Friday, March 17, 2006

Preparing a fleece...

MEET SAVANNAHIsn't she adorable? I got Savannah from Stephen Rouse of Sheltering Pines in Michigan. Savannah is a light "moorit" (reddish brown) Shetland with a VERY primitive fleece. Although, there seems to be growing evidence that Savannah is possibly "mioget"(golden) or "fawn" (taupe).
~ Savannah in the summer ~
By primitive fleece, I mean that Savannah's fleece is double coated, with a long, coarser (meaning larger diameter fibers ~ NOT "scratchy"!) outer coat and a shorter, finer under-coat. These double coated Shetlands are where the wool for the original Shetland Wedding Ring Shawls came from. The undercoat from the neck area has the finest, softest fiber to be found. The stronger,coarser outer coat is excellent for outer wear, rugs & socks. Savannah is a good example of a primitive Shetland. (I think she looks like the Lion in "The Wizard of Oz") Her fleece has a staple length of 10 to 12 inches, little to no crimp, but is very soft and dense. When crossed with my single-coated ram "Zorro", Savannah gave me lambs with exquisite "intermediate" fleece ~ medium length, dense, soft & crimpy. I'm hoping for twin, HST's this year! My black & white, HST ewe "Zaria" is out of Savannah, and I'd say she has the nicest fleece of any in my flock.Savannah has developed a great deal of "Iset" (white fibers growing in with the colored fleece) in the past year. Her coat also sunbleaches considerably, giving it an almost blonde look on the outer fleece. Inside it's a mixture of golden brown, reddish brown, greyish brown, and very light brown ~ almost cream colored. EXTREMELY beautiful!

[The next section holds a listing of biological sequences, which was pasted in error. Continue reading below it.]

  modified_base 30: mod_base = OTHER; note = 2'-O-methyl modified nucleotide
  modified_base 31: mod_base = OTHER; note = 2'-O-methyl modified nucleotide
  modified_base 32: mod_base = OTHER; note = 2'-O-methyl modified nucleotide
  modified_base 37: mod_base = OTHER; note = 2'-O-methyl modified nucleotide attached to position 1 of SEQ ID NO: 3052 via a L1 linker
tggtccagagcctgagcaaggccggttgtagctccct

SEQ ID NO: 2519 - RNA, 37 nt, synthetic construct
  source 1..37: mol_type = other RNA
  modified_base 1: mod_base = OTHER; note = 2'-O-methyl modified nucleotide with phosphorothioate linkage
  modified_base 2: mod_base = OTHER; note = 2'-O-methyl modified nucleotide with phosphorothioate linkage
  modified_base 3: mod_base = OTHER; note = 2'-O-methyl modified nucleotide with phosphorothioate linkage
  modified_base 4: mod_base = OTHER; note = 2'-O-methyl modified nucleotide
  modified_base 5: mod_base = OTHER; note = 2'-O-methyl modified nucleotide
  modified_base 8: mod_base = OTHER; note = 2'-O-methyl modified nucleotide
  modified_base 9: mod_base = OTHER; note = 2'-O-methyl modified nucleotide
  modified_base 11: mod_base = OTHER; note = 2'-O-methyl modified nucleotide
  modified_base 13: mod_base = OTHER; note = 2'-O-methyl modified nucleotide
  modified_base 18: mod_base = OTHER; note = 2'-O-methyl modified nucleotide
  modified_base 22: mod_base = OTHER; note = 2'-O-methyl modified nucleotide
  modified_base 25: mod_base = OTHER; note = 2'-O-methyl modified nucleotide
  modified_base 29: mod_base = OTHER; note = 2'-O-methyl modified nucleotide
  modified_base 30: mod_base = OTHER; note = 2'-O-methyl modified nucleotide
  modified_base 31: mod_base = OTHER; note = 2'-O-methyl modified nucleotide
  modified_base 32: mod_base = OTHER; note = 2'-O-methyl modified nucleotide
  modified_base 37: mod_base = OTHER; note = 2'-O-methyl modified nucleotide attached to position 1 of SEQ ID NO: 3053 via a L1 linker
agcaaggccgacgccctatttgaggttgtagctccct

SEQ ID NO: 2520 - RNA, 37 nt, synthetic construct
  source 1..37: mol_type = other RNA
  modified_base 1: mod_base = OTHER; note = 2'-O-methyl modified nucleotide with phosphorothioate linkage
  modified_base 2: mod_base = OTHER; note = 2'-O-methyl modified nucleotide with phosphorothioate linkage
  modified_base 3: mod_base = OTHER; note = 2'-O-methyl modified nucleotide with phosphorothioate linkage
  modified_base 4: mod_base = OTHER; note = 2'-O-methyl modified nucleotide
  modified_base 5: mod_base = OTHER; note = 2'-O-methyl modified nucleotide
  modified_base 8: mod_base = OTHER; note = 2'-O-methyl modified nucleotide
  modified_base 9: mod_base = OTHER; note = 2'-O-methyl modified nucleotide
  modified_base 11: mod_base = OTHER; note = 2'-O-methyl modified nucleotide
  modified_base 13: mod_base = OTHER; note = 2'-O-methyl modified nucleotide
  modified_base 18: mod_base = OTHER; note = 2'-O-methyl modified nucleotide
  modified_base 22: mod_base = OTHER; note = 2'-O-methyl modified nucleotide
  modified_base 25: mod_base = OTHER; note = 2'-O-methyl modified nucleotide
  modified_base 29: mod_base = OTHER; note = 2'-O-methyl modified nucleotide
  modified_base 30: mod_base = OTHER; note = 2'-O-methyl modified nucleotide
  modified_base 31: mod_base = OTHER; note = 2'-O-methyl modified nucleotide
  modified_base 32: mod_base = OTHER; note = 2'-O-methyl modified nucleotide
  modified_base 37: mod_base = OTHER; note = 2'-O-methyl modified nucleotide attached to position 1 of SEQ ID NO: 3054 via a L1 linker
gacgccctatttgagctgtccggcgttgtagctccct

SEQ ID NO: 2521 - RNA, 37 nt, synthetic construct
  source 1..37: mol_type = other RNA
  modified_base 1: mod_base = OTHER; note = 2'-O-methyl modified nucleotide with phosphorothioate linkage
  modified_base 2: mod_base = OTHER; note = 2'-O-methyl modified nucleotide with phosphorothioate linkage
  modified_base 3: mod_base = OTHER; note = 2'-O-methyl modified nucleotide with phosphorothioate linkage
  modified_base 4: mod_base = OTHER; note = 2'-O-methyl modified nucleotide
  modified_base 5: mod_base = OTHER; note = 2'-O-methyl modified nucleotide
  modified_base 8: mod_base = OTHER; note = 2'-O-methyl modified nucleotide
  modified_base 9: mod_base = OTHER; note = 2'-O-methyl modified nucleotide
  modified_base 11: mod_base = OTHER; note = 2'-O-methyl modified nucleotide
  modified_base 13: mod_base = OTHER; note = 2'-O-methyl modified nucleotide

~ Savannah's "raw" fleece ~

Once I have "skirted" the fleece (removed any undesirable parts, excess vegetable matter or extremely dirty areas) I either wash it or proceed to "flick" it before carding... You can see the board with carding cloth I have on my skirting table. I find this board less tiresome for my hands than using a brush to flick open the locks. I simply flick (kind of a patting, pulling, lifting motion!) each lock across the wire teeth of the cloth, to open up the ends and remove second cuts or vegetation.
~ Flicking a lock ~I continue flicking each lock until the whole fleece is done. I do realize that MOST people do not put quite so much work into preparing a fleece, but I'm VERY picky about the roving I spin, so it's worth it to me!
Flicked (top) and un-flicked locks ~ When I'm all done, I've got:
ready to be made into roving or spun from the lock!
If you have any questions or comments, please leave them in the "comments". I'll explain how I wash a fleece on another day...this post is LONG ENOUGH! ;-)


  1. Love the golden color in that fleece. I have a moorit Romney, and a few black and white sheep. Corriedales, Corrie/Romney crosses, and Clun Forest.

  2. Beautiful sheep pictures. I like sheep blogs, and love to hear what other shepherds are up to...




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